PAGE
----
You've probably seen a lot of articles about NFTs, without really understanding what they are – something about digital files selling for enormous amounts of money, like a piece of digital art, a video clip, or even a Twitter tweet.
A lot of people are really excited about NFTs. "Oh my God, this is crystal clear; this is a technology that will forever change the way people interact," said entrepreneur and internet personality Gary Vaynerchuk. He says that this is the third time he's seen a digital revolution of this magnitude.
"In 1995, I was like, oh my God, this internet thing is gonna change the world. And then in 2005, I just completely believed that social media – MySpace, Facebook, YouTube, Twitter – was gonna be for everybody. Every time I've seen this many people confused, yet it's been crystal clear to me that this is the next significant consumer behavior shift, I know there's something."
"Sunday Morning" correspondent David Pogue will now try to explain NFTs:
Until recently, if I'd said, 'Hey, I made a picture on my computer! Who would like to buy the original?,' you'd have laughed at me. Because that's stupid! Everybody knows that you can duplicate a computer file infinitely, and every copy is identical to the first one. What sense would it make to say you own the original?
Well, an NFT is a digital certificate. It's like a contract that says that I sold you the original one. [NFT stands for non-fungible token, but that won't be on the test.]
Anyway, our transaction is recorded on the blockchain, a tamper-proof database that keeps track of things like who owns what NFT, like a digital ledger book. You might have heard of the blockchain; it also makes possible digital currencies like Bitcoin.
Because NFTs are new and speculative, a lot of famous people are trying to cash in on the craze: Musicians, athletes, actors, and artists like Beeple [the screen name of graphic designer and animator Mike Winkelmann], who sold this digital painting for $69 million in a Christie's auction.
"We were watching it on the TV, and, like, my whole family was there," said Winkelmann. "In the morning, it was, like, $13 million. And then in the last minute, at one point it jumped from $25 million to $50 million. Just in one second. And when that happened, it was like a bomb went off in the room!"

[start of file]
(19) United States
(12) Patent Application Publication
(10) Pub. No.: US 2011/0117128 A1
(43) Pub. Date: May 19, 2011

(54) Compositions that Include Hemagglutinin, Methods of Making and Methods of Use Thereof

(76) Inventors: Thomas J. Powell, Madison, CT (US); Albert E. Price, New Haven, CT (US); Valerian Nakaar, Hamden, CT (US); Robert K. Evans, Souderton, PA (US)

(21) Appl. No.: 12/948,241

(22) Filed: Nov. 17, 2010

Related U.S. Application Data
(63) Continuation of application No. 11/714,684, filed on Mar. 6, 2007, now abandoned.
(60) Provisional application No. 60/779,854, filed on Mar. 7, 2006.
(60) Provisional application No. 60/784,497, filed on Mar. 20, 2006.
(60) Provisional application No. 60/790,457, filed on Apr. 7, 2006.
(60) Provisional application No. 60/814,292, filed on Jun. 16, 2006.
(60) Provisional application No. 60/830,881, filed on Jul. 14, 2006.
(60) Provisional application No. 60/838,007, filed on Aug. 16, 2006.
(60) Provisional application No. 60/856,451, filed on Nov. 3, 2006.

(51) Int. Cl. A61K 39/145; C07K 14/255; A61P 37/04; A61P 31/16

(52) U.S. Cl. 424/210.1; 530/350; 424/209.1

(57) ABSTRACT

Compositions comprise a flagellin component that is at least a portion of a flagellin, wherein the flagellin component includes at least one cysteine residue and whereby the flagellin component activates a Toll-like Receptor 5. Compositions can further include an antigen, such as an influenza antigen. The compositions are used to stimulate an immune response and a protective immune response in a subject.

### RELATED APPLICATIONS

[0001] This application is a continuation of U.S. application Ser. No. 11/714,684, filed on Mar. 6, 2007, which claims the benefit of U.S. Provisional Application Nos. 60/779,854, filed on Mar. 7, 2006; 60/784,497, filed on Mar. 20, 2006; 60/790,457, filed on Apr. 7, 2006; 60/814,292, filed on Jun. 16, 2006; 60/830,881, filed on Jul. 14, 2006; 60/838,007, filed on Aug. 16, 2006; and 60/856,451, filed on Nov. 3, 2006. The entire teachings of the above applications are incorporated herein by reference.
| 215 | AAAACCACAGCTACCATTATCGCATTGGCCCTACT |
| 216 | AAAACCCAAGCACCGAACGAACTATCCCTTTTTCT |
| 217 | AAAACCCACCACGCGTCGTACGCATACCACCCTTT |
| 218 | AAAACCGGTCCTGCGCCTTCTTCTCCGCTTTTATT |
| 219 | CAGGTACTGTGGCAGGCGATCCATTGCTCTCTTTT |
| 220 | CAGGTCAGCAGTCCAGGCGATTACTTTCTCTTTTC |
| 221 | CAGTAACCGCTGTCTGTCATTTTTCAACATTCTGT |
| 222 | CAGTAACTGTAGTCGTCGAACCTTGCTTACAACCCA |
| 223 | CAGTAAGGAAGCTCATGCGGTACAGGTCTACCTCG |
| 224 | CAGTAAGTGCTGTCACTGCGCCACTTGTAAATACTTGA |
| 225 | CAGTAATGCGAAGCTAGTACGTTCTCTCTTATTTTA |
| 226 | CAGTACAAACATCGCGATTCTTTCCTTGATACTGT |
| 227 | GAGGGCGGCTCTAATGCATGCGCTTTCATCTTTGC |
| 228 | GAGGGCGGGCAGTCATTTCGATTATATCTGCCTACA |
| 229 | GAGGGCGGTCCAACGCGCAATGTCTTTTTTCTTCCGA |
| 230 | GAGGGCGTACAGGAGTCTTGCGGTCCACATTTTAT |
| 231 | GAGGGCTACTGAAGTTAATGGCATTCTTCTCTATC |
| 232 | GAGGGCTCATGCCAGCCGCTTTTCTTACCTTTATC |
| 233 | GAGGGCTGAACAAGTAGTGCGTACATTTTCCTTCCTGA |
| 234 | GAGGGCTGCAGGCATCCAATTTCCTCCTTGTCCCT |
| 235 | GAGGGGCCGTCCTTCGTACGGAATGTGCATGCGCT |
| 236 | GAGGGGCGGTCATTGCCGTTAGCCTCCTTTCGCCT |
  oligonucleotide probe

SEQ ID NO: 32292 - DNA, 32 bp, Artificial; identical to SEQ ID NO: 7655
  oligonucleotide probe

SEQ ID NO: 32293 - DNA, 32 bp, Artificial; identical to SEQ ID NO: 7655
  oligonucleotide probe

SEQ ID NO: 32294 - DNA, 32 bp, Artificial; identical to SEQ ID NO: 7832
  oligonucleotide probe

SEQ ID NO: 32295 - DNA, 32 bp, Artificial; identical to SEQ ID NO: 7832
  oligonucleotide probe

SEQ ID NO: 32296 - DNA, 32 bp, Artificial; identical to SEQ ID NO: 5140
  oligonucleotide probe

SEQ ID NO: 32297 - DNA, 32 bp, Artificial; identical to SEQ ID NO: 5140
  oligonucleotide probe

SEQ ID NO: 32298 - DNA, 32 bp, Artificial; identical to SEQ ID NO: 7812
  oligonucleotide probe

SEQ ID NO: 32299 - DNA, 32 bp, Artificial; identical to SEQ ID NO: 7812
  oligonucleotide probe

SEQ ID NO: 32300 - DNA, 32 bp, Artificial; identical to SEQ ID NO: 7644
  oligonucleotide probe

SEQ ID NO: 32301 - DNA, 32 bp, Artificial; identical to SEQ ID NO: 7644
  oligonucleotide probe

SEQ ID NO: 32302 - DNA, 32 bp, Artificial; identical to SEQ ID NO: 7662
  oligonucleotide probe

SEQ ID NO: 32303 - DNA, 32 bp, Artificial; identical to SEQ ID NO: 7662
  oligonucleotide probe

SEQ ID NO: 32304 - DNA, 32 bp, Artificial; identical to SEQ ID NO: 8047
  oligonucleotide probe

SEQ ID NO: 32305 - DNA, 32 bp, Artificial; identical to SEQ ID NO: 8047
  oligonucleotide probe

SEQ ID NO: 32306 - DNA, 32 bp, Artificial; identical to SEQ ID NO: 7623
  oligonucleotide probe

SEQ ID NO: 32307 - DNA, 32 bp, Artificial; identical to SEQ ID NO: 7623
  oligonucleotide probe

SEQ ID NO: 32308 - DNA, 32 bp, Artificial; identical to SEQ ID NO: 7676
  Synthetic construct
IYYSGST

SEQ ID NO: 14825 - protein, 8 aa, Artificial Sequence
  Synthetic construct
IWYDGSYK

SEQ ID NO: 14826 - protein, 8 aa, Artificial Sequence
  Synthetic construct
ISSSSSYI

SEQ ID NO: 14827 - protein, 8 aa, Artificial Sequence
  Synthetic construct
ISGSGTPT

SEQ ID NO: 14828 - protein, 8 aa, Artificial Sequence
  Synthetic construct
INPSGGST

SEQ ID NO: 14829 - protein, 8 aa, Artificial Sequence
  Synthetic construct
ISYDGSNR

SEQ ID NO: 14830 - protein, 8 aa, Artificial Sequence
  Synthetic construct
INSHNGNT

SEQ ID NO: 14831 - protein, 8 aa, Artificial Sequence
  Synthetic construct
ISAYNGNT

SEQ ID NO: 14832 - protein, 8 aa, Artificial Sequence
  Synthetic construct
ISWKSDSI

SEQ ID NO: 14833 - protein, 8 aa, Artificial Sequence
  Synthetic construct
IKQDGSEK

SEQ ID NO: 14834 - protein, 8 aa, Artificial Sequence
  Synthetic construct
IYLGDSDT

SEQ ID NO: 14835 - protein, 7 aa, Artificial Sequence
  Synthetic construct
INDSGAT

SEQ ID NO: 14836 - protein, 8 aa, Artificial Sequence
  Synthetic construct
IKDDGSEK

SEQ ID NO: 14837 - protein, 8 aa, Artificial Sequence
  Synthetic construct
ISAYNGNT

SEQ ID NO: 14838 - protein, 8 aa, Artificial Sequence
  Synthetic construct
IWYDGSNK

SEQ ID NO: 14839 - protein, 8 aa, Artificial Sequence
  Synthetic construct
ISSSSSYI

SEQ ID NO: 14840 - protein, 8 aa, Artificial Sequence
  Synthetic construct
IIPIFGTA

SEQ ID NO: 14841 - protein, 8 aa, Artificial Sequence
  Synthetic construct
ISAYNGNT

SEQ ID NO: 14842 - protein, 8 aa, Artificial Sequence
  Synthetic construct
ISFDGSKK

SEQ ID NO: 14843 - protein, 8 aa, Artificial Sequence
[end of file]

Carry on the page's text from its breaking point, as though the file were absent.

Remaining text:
The Christie's sale made Beeple the third most-valuable living artist, after David Hockney and Jeff Koons. Members of the traditional art world were not amused. "They don't love me," he said. "What really probably stings a little is that they had never heard of me."
Pogue asked, "Tell us if you think it was worth $70 million."
"Uhm, yes. Because two people wanted it for $70 million. So, by definition it was worth $70 million. Value is determined, in many cases, just by how badly people want certain things."
OK, well, if people want to buy and sell NFTs, no harm done, right?
Actually, not so fast.
It turns out that any change to the blockchain requires massive banks of computers to perform astronomically huge calculations to verify that transaction, which uses gigantic amounts of electricity.
Researchers are working on ways to reduce that power problem, but for now, NFTs, and the blockchain, are environmental disasters – and maybe financial disasters, too.
"Right now, we're in the gold rush, we're in the greed phase, where people are trying to make a quick buck," said Vaynerchuck. "And there's gonna be too much supply, not enough demand, 'cause it's not easy to buy an NFT yet."
In May, Vaynerchuck offered his own NFT project, which he hopes to distinguish by offering tickets to his conferences with the purchase of each of his digital doodles. Base price: $1,200. But even though he's got an interest in promoting NFT technology, he's also got a warning for you:
"Let me make this clear – I have no idea how you will edit this! – America, please spend 30 hours of education before you buy your first NFT! It's just like internet stocks. Sure, there's an Amazon and an eBay, but there's gonna be a lot more Pets.com that go to zero."
And there will be plenty of volatility along the way. NFT sales are way down from their peak in May.
But Mike Winkelmann is convinced they're here to stay.
Pogue asked "At this point, how mainstream is it?"
"Most of the people watching this video will never have heard of NFTs before," Winkelmann said. "This might be the first time you hear about it. But I really doubt it's gonna be the last."
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Story produced by David Rothman. Editor: Lauren Barnello.
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